Boeing awarded $70 million contract for 30,000-pound GBU-57 bunker buster bombs

Thought to be the world's largest conventional bomb, the Massive Ordnance Penetrator can only be employed by the B-2 Spirit stealth bomber

Boeing has been awarded a $70 million contract for the procurement of GBU-57 Massive Ordnance Penetrator precision-guided “bunker buster” bombs for the U.S. Air Force, a U.S. Department of Defense press release said.

Work under the indefinite-delivery/indefinite-quantity sole source acquisition contract (FA8681-19-D-0008) issued by the U.S. Air Force Life Cycle Management Center is expected to be complete by December 31, 2022, the Monday, September 30 release said.

The GBU-57 Massive Ordnance Penetrator (MOP) is a 30,000-pound (14,000 kg) class GPS-guided “bunker buster” bomb employed only by the iconic B-2 Spirit stealth bomber.

The 20-feet (6m) long weapon is designed to attack deeply-buried and hardened bunkers and tunnels. It carries 5,300 pounds of explosive cased in a special high‑performance steel alloy. The Air Force says it can penetrate up to 200 feet (60m) of concrete before exploding.

Monday’s contract announcement marks a significant dollar increase over previous Massive Ordnance Penetrator orders. The last GBU-57 procurement contract issued was for just under $21 million in February 2018.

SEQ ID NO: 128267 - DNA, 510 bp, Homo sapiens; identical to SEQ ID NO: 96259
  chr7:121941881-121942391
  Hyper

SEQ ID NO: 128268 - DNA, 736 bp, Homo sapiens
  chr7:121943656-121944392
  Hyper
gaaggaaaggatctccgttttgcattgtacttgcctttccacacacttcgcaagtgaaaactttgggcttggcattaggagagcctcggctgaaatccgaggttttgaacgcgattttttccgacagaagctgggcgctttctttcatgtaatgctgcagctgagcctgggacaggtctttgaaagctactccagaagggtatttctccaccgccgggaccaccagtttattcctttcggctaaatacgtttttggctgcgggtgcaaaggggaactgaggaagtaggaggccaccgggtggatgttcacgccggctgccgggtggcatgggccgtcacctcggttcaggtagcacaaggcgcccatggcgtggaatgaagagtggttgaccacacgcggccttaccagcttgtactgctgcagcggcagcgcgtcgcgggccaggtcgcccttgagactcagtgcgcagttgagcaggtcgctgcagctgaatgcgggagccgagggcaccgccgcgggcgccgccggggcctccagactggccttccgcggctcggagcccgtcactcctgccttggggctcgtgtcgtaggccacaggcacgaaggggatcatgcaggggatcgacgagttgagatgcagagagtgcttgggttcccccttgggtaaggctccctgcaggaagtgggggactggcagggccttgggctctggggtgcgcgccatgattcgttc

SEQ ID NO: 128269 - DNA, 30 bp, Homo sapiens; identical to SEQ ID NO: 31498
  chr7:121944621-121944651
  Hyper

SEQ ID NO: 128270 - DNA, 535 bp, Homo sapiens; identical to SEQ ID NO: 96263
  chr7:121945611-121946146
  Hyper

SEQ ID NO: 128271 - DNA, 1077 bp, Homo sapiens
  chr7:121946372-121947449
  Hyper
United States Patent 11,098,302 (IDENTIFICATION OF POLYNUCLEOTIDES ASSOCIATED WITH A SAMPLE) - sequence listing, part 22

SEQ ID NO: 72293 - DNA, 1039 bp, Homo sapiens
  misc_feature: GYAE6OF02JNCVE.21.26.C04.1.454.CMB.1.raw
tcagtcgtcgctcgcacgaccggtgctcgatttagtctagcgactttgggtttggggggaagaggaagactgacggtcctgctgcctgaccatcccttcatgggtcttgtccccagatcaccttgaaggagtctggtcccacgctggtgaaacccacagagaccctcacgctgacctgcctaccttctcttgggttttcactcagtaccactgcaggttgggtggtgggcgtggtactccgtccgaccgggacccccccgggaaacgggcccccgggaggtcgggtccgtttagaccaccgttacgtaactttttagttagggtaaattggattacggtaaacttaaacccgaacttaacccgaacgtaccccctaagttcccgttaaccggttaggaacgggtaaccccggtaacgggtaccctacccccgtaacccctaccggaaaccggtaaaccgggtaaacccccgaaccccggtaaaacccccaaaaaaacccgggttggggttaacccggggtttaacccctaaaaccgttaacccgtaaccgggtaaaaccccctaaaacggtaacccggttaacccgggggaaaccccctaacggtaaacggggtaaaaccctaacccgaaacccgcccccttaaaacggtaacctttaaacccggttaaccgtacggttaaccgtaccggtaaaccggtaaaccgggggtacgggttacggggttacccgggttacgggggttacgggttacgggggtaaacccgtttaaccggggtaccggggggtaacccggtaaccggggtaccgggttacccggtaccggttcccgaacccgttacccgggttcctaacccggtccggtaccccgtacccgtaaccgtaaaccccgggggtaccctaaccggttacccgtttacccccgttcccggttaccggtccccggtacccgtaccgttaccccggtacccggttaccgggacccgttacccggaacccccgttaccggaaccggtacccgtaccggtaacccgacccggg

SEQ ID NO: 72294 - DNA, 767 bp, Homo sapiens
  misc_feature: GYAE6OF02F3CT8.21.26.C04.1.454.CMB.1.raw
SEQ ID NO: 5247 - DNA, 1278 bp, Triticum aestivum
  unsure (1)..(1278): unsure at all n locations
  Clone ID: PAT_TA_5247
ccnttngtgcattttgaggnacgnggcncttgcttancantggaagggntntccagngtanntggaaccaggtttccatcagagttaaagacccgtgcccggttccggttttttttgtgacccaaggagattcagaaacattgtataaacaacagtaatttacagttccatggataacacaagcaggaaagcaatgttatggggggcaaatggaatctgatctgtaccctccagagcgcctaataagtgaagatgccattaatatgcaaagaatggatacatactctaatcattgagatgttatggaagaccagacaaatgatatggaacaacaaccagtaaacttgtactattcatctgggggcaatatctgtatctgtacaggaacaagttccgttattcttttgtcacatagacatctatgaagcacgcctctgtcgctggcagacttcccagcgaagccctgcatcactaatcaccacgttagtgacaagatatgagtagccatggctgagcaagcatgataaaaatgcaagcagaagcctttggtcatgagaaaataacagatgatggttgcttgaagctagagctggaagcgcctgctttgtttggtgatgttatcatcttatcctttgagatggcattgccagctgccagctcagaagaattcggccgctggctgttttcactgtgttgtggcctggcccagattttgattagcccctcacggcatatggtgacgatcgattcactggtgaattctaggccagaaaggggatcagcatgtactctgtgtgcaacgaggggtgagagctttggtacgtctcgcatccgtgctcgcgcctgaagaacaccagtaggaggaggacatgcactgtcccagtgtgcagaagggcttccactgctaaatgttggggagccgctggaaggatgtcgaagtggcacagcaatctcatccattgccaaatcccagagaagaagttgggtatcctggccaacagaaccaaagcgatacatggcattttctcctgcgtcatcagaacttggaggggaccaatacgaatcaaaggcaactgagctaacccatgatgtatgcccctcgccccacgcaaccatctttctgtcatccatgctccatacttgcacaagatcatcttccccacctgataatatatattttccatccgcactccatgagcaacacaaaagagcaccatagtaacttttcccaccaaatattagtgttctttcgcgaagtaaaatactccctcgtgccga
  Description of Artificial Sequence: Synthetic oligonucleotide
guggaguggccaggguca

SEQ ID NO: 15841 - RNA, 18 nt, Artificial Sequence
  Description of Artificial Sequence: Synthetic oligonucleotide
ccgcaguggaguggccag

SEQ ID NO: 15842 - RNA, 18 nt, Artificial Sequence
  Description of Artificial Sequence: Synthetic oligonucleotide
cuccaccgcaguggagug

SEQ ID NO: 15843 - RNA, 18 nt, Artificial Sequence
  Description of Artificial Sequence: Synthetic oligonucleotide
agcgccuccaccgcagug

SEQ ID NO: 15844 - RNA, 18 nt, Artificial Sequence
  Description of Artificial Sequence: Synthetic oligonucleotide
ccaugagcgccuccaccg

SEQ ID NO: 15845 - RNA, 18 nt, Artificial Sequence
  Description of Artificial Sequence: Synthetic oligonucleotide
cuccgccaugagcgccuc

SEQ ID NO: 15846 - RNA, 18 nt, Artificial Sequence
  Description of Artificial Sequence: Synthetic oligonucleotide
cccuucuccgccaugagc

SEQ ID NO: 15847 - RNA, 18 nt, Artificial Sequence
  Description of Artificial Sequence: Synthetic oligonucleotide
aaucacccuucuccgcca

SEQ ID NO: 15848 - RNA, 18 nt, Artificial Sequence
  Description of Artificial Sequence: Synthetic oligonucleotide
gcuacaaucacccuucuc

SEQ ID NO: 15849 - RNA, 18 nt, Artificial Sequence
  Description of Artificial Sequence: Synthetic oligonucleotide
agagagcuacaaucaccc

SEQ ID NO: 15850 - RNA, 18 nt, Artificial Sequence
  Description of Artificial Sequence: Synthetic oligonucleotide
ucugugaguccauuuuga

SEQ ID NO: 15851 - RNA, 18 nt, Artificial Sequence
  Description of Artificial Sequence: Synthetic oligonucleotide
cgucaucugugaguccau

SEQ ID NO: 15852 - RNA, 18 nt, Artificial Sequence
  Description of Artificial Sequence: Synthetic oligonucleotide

Neither Monday’s nor the 2018 contract specified the number of bombs to be procured, but in 2011 the U.S. Air Force ordered eight of the weapons plus supporting equipment for $28 million.

In April, Boeing was awarded a $21.6 million GBU-57 Massive Ordnance Penetrator sustainment contract expected to be completed by July 18, 2023.

The GBU-57 is reportedly the world’s largest in-service non-nuclear bomb, significantly heavier than two other well-known massive bombs – America’s 21,000-lb GBU-43/B “Mother of All Bombs” or MOAB that was dropped in Afghanistan in 2017, and Russia’s 22,000-lb ATBIP “Father of All Bombs” rumoured to have been used in Syria the same year. Both the MOAB and FOAB are thermobaric bombs, designed for huge explosive power rather than penetration.

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